Hillary Clinton loyalists continue to prowl.
Hillary Clinton loyalists continue to prowl.

Hillary Clinton loyalists continue to prowl.

How my four-year-old PUMA abandoned John McCain

"I don’t like Obama because he beat Hillary Clinton," my daughter said.

She’s precocious, but not astoundingly so. This is a girl who’d rather watch Dora the Explorer than Olbermann, rather listen to Music Together than Air America. "So I’m voting for McCain." Four years old, already a PUMA.

Up to this point, I’d been of the opinion that the PUMA phenomenon -- the acronym stands for "Party Unity My Ass" and refers to former Hillary supporters who turn to McCain out of anger at Obama’s clinch of the Democratic nomination -- didn’t exist. It was a myth made up by the talk-radio right, much like liberals who want to cancel Christmas or Democrats who hate the troops. But here, suddenly, was living proof that PUMAs are real. On a smaller scale, granted, but real. In my kitchen. Wearing cowgirl jammies.

My first reaction was to point out to her that she’s only four, and four-year olds don’t vote. But down that road lies trouble: Here be dragons of the your-vote-doesn't-count species, which, while technically accurate at this point in her life, is not a lesson I want her to learn at any point in her life. So as parents do, I found myself trying to build a kid-friendly argument on an already compromised foundation.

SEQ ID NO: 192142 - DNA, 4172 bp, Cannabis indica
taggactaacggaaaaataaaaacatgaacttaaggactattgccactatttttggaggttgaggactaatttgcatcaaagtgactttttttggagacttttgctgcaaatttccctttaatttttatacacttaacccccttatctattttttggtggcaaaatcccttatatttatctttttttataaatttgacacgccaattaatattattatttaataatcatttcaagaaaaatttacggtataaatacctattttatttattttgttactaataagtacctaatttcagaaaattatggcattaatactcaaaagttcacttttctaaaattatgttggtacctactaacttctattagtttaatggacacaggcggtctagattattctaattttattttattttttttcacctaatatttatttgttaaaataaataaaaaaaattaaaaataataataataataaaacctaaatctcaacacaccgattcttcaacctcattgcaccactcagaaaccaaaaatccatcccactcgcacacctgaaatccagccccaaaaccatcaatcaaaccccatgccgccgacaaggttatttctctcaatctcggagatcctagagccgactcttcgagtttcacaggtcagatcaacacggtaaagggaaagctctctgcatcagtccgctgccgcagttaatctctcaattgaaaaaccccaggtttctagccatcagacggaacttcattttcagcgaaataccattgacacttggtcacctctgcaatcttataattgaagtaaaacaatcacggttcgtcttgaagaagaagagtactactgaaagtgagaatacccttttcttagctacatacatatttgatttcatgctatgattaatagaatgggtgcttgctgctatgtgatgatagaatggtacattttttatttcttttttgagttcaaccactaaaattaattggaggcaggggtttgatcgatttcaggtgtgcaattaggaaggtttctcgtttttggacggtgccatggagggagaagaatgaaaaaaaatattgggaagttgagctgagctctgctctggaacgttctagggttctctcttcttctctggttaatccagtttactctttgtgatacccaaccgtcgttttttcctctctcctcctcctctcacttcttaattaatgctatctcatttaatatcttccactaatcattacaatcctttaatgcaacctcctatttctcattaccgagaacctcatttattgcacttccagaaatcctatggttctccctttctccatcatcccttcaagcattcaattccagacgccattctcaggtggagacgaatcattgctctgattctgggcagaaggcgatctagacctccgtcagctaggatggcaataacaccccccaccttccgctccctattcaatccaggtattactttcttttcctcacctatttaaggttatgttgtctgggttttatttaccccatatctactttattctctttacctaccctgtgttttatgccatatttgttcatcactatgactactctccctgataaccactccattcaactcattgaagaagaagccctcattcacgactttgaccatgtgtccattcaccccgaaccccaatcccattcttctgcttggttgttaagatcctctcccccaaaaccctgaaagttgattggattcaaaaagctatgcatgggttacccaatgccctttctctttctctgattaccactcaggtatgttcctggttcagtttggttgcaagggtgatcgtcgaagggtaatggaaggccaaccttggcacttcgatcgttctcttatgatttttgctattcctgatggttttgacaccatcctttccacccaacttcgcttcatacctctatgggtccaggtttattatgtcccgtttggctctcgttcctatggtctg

"That’s not a reason not to vote for someone," I pointed out. "The way the system works here in America, candidates from the same party always run against each other before they finally run against another party. It doesn’t make sense to refuse to support someone you actually agree with on most things because they’ve defeated someone you might agree with on slightly more things." I’m getting too deeply into this for her, I know, but I can’t seem to stop myself.

"But Obama’s not a girl," she reasoned, and this is neither a point I could debate nor one I thought that Senator Obama would wish me to counter. I waited for more, but there was no more. This was the entirety of her point.

I asked her if this is the most important thing in the election, and she thought for a moment, or made that face she makes when she knows she’s supposed to be thinking. (This is the same face adults tend to use, but we pull it off better.) Either way, she came up with a response. "It’s very important to other girls," she finally said. "And Obama’s a boy. So I’m voting for John McCain."

Her saying this again suddenly made it more real to me somehow, and it filled me with a kind of dread a father normally reserves for teenage boyfriends with animal nicknames who drive muscle cars with too-large backseats. But in a very karmic sense, this dread wasn't unwarranted for me. After all, one of the ways I rebelled in high school against my liberal peacenik parents was to become a sort of Alex P. Keaton. Or to play at it, at least. To espouse some beliefs I didn’t really have, to make claim to policy decisions I didn’t comprehend, to pay $20 to go with a group of friends to see Rush Limbaugh during his 1988 "Rush to Excellence" tour. I’m not proud of this. All I’m saying is that my daughter’s party line-crossing wasn't completely unprecedented. But it still caught me completely off-guard.